Sanskrit (संस्कृता वाक् saṃskṛtā vāk, for short संस्कृतम् saṃskṛtam) is a classical language of India, a liturgical language of Hinduism, Buddhism, Sikhism, Jainism. It is one of the 23 official languages of India. It is also both an ancient and a modern Indo-Aryan language of South Asia.
Its place is similar to that of Latin and Greek in Europe. In Europe it has evolved into, as well as influenced, many modern-day languages of the world. It appears in pre-Classical form as Vedic Sanskrit, with the language of the Rigveda being the oldest and most archaic stage preserved. Dating back to as early as 1500 BCE, Vedic Sanskrit is the earliest attested Indo-Aryan language, and one of the earliest attested members of the Indo-European language family.
The corpus of Sanskrit literature encompasses a rich tradition of poetry and drama as well as scientific, technical, philosophical and religious texts. Today, Sanskrit continues to be widely used as a ceremonial language in Hindu religious rituals in the forms of hymns and mantras.
Spoken Sanskrit is still in use in a few traditional institutions in India, and there are some attempts at revival.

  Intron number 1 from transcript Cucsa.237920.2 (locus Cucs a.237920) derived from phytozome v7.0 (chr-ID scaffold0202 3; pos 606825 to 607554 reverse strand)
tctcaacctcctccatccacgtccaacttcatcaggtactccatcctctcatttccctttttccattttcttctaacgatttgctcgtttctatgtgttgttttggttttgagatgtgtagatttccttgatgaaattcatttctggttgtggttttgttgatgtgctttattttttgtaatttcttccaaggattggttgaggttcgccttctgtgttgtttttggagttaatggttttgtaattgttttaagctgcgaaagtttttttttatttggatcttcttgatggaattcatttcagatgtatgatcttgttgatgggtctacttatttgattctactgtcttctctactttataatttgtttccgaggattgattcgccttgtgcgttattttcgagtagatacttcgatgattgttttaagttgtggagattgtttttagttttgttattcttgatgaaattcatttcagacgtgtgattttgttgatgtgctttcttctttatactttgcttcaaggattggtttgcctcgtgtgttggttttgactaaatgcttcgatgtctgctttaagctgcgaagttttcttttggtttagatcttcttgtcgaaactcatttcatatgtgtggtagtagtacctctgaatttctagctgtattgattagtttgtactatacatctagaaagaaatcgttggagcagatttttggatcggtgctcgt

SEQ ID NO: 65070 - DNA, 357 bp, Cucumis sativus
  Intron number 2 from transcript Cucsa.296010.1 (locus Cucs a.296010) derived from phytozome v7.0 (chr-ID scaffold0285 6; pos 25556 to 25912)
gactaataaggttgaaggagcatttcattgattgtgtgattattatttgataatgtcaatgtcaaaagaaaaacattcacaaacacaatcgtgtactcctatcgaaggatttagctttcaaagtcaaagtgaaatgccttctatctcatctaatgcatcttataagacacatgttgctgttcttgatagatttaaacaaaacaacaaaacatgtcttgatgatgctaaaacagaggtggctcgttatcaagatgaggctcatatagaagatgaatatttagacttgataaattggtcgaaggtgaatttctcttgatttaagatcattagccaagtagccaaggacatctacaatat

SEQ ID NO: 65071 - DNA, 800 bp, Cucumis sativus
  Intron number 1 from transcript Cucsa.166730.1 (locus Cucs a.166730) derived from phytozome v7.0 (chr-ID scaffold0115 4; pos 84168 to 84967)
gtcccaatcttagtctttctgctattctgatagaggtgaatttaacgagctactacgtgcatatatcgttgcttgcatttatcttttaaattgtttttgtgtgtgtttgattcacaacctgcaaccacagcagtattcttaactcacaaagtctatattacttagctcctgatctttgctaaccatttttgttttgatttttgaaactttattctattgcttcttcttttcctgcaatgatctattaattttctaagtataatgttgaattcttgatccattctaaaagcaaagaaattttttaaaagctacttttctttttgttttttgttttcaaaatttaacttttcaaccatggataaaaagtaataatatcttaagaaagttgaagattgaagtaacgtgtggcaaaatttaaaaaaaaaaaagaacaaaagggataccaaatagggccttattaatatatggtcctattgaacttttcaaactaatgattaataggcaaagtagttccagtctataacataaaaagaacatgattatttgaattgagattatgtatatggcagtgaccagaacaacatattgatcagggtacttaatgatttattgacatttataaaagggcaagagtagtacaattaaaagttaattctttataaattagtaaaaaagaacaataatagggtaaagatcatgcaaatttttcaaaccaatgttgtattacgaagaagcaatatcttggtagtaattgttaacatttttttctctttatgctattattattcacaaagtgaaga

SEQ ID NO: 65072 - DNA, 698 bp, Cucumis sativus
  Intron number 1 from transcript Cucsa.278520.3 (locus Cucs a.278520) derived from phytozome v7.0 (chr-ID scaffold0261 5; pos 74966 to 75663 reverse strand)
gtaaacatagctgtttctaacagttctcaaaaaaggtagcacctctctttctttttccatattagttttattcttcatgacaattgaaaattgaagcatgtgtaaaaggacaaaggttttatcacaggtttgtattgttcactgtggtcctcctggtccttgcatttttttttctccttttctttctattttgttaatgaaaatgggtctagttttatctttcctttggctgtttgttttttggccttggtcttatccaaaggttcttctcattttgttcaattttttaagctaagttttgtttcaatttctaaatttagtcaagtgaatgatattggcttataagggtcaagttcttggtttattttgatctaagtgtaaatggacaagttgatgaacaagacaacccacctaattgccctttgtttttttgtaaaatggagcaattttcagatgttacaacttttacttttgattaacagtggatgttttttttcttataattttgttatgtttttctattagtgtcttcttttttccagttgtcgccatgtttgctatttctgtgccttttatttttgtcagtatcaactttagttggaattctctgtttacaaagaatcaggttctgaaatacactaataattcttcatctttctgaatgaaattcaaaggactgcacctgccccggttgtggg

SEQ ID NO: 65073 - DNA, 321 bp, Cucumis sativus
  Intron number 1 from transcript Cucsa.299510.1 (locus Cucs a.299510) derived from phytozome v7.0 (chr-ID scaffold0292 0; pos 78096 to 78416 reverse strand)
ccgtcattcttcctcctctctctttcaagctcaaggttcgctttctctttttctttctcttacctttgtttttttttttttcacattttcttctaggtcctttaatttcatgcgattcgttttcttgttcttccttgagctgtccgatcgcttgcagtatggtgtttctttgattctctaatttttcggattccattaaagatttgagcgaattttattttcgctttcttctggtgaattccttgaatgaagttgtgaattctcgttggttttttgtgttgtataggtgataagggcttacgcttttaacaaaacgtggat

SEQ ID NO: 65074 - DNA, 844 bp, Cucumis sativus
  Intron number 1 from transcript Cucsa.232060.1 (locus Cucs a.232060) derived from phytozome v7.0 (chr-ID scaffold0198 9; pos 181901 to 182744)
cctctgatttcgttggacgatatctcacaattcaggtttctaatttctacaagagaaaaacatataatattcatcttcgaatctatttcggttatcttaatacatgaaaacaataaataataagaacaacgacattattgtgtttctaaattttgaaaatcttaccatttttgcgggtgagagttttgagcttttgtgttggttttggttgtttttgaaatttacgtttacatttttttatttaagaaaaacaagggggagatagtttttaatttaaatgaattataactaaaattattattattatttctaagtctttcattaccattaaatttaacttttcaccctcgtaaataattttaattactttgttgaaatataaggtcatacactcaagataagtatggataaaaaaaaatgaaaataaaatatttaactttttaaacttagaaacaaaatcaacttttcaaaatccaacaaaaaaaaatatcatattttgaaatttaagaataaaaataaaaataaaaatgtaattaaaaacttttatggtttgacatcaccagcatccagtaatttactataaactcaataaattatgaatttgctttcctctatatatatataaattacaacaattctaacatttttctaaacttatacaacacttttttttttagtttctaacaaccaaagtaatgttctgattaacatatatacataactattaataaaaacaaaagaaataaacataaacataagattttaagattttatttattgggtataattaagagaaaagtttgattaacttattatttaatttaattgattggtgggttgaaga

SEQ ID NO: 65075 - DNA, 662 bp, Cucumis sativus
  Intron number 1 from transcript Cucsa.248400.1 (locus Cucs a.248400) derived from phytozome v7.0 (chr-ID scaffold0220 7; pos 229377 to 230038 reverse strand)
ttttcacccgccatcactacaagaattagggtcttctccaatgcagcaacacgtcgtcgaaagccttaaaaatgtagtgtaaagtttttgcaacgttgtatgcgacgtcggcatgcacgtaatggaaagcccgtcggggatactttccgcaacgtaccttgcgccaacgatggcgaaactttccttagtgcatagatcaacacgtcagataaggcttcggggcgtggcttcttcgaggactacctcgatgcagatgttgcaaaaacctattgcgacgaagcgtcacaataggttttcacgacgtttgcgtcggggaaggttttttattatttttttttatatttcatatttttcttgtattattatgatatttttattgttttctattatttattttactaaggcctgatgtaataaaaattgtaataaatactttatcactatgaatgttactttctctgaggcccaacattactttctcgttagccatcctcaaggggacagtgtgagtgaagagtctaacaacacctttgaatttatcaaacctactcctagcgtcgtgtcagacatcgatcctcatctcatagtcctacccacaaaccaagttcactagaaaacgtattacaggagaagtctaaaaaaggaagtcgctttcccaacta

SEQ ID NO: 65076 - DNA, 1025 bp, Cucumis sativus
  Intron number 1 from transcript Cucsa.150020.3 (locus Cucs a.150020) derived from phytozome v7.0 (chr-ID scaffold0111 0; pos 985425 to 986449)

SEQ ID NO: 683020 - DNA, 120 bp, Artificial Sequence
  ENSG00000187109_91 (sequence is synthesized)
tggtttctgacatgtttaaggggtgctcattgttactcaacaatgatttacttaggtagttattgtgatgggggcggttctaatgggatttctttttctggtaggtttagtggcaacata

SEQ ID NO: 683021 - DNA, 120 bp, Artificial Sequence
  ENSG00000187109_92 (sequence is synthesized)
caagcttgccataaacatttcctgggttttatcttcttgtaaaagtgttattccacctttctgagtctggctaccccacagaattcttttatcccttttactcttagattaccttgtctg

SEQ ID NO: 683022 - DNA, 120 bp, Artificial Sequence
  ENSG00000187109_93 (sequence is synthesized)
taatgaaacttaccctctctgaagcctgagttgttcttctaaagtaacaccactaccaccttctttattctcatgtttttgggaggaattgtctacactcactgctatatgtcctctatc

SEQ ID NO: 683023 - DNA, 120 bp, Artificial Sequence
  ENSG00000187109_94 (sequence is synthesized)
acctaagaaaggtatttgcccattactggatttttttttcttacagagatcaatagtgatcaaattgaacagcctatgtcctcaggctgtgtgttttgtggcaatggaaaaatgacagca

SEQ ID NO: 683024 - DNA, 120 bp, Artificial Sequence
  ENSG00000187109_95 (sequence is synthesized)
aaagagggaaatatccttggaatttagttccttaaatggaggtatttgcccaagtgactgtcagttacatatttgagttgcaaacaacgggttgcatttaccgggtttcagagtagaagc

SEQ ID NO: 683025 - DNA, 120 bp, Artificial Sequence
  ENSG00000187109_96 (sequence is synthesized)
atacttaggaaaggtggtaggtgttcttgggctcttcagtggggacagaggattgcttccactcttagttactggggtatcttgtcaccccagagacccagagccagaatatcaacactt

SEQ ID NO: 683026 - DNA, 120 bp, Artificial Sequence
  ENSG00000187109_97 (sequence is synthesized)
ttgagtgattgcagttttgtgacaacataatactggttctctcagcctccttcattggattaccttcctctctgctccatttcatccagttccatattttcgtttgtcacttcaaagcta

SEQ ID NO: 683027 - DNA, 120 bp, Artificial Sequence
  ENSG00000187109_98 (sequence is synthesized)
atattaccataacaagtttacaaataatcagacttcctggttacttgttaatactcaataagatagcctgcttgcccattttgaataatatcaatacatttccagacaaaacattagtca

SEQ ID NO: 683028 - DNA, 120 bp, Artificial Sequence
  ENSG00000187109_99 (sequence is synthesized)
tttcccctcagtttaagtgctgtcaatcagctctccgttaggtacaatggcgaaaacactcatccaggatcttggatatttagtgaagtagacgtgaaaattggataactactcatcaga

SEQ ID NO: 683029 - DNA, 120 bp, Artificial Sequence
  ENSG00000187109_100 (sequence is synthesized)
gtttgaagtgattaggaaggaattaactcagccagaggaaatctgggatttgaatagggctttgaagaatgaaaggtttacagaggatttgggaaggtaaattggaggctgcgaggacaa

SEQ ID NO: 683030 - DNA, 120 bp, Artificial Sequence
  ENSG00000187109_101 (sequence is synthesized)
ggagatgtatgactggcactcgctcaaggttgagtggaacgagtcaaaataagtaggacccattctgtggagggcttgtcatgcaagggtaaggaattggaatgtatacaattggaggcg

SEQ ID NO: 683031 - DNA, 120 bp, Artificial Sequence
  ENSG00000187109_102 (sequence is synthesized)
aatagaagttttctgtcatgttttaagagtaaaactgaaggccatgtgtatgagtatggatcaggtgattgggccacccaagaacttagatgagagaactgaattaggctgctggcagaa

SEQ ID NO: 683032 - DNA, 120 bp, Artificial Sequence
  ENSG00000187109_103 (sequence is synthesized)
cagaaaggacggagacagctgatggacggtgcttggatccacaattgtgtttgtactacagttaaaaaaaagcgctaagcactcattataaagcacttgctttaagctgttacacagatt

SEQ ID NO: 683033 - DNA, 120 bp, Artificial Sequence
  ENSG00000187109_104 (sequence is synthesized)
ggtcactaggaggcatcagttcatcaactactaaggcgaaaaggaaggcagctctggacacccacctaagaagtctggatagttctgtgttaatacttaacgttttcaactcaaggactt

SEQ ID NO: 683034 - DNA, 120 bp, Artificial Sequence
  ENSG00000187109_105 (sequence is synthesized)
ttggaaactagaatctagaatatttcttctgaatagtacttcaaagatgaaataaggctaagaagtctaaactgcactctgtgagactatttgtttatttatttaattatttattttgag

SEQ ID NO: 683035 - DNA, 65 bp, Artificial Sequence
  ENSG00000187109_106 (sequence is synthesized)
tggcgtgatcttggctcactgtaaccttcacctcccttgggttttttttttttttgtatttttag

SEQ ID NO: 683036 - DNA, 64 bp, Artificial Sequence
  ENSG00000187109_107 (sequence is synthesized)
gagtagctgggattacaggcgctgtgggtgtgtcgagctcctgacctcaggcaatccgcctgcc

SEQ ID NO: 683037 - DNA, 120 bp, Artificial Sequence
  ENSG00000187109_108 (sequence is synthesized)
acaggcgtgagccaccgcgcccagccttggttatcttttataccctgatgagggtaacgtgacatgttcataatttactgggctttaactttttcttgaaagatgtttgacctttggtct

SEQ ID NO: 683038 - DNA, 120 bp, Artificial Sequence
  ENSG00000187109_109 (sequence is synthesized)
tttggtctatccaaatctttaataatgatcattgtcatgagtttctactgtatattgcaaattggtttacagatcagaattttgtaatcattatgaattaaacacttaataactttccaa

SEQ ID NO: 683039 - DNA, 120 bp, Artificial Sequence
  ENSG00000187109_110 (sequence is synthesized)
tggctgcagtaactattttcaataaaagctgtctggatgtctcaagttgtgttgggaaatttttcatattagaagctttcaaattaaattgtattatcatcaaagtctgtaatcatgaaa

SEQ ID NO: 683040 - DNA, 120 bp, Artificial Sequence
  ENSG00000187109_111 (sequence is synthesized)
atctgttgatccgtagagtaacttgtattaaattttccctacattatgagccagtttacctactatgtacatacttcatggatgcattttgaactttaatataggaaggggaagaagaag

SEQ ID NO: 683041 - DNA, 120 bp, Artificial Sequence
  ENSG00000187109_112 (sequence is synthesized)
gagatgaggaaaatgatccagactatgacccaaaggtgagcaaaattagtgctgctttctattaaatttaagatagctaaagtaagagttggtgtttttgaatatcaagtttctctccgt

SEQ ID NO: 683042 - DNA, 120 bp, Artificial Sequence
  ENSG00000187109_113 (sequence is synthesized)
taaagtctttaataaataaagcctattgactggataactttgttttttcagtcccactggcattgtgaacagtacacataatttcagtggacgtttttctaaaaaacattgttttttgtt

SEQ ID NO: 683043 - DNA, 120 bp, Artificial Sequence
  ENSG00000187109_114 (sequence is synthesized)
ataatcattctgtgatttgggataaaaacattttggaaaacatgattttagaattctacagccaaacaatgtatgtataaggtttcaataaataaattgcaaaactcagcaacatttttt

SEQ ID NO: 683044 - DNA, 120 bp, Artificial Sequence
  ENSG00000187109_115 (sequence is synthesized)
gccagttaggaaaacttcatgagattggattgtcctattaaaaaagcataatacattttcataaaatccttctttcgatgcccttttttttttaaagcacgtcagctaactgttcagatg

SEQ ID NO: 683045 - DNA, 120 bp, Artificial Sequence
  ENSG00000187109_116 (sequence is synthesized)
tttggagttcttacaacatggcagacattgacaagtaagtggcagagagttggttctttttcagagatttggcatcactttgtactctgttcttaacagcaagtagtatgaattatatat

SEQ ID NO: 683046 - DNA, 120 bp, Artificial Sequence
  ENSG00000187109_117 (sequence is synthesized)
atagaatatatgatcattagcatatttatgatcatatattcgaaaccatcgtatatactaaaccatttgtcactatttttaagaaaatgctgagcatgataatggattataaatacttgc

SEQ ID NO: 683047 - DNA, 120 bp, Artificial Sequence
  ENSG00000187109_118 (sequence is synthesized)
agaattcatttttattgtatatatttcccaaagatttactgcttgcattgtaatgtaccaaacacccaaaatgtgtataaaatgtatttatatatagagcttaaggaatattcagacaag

As a language
The term "Sanskrit" was not thought of as a specific language set apart from other languages, but rather as a particularly refined or perfected manner of speaking. Knowledge of Sanskrit was a marker of social class and educational attainment and the language was taught mainly to members of the higher castes, through close analysis of Sanskrit grammarians such as Pāṇini. Sanskrit, as the learned language of Ancient India, existed alongside the Prakrits (vernaculars), which evolved into the Middle Indic dialects, and eventually into the contemporary modern Indo-Aryan languages.
A significant form of post-Vedic Sanskrit is found in the Sanskrit of the Hindu Epics—the Ramayana and Mahabharata. Traditional Sanskrit scholars call such deviations aarsha (आर्ष), or "of the rishis", the traditional title for the ancient authors.
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